Dr Lara Sandri (Retina Surgery Centre) and JEH hopsital launched the first private ocular oncology service in July 2018. Radiotherapy in the form of an applicator (plaque) can be used to deliver radiation in the treatment of several different ocular tumours.
Plaque brachytherapy is the most widely used treatment for such tumours and delivers a highly concentrated radiation dose to the tumor (with relatively less radiation to surrounding healthy tissues). Plaque brachytherapy is typically used in one definitive treatment.
Previously in South Africa the radiation sources used for brachytherapy came in the form of small “rice-sized” radioactive seeds (Iodine). These seeds were attached within a gold or steel bowl called a plaque and were manufactured for each individual patient based on the dimensions and location of the tumour.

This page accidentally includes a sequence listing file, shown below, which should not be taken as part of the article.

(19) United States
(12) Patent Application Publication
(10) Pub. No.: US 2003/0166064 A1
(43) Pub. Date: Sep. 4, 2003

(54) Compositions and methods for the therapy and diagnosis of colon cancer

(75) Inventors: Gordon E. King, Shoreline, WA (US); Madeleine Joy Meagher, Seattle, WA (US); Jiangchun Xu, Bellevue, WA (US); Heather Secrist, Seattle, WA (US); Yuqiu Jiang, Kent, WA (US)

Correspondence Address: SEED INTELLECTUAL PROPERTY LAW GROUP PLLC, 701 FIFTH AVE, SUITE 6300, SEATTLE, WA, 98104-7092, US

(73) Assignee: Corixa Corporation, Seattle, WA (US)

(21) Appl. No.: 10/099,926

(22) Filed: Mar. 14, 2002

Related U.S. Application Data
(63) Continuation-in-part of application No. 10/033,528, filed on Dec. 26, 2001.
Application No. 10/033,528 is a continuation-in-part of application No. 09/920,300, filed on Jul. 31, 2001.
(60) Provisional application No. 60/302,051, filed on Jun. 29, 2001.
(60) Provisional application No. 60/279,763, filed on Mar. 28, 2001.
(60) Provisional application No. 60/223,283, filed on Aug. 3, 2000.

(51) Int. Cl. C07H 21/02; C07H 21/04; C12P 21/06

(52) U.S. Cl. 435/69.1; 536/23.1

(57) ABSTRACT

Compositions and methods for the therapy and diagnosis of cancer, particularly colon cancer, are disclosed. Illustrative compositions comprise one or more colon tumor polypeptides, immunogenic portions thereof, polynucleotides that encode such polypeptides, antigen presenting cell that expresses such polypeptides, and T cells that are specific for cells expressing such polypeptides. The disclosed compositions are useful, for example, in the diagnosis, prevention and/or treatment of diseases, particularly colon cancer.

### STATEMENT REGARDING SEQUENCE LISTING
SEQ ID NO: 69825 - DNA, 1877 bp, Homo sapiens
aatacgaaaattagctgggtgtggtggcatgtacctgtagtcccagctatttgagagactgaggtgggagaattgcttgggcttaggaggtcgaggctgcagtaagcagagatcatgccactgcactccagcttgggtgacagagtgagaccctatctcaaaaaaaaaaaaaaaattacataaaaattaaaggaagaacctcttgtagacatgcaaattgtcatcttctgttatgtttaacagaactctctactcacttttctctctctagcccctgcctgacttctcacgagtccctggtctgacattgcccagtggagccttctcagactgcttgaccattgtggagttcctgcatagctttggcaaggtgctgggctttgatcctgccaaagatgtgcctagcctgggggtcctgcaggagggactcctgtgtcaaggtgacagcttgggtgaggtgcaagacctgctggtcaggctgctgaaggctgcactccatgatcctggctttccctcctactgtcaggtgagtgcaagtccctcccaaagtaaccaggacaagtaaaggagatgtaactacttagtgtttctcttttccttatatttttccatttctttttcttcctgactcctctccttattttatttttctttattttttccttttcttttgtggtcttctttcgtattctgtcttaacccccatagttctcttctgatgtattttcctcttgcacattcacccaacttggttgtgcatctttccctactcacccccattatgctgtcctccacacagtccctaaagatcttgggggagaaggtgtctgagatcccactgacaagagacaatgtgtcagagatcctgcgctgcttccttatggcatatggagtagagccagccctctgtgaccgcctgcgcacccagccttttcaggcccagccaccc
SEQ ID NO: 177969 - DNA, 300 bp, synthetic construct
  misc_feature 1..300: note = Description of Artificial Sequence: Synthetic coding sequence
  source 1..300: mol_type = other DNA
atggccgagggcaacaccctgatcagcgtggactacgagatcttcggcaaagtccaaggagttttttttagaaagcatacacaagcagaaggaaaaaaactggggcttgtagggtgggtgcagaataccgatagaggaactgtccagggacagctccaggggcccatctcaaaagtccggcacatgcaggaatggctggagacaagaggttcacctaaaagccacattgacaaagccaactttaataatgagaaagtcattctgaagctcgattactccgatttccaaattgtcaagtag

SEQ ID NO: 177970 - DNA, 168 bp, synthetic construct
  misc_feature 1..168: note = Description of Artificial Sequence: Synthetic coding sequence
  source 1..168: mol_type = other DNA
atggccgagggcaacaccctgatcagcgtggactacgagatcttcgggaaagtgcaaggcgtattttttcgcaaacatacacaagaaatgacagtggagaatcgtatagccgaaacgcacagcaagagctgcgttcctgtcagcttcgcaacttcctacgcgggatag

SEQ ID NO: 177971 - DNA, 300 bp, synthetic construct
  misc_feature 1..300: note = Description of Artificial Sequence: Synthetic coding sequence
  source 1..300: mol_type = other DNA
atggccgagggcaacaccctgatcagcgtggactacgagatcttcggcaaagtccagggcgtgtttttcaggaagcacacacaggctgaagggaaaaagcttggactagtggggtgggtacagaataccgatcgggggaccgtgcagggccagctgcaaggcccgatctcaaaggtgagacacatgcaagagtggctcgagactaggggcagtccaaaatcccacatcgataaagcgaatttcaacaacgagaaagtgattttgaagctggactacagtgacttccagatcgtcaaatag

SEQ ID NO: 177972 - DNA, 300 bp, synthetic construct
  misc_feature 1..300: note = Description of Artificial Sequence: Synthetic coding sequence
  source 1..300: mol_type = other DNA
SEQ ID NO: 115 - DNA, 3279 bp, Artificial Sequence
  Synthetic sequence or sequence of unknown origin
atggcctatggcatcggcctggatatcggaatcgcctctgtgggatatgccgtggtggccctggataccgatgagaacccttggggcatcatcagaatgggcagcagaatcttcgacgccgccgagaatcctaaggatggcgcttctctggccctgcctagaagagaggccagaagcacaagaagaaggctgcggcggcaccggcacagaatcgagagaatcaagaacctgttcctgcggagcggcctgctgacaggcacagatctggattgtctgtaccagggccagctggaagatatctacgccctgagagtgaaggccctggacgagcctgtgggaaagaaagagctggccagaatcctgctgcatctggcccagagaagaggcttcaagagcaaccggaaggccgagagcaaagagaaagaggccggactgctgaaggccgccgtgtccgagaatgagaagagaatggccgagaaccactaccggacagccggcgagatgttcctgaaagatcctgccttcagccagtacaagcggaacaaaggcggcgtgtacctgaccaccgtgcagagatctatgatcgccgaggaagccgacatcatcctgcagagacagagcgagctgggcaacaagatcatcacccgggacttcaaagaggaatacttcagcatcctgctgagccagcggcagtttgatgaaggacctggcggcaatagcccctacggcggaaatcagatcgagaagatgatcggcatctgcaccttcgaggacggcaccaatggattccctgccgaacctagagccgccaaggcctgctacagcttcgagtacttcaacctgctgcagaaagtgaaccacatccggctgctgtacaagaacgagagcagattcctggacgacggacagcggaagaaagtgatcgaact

Since launching this service in 2018, Ruthenium -106 plaques are available for the treatment of ocular tumours. This is a softer treatment when compared to Iodine plaques. There is no need to individually manufacture plaques for patients which enables treatments to be carried out shortly after diagnosis.
Treatment times vary based on the thickness of the tumour. During this time, patients are admitted to our hospital in a private room while the plaque is in place. Visitors are permitted as they are not at risk of radiation exposure.
Malignant (cancerous) tumours
- Anterior segment melanoms (conjunctiva and iris)
- Ocular surface squamous neoplasia (OSSN)
- Ciliary body and choroidal melanoma
Benign (non-cancerous) tumours
- Choroidal haemangiomas
- Vasoproliferative tumours
- Capillary haemangiomas in Von Hippel Lindau Disease
- Retinal haemangiomas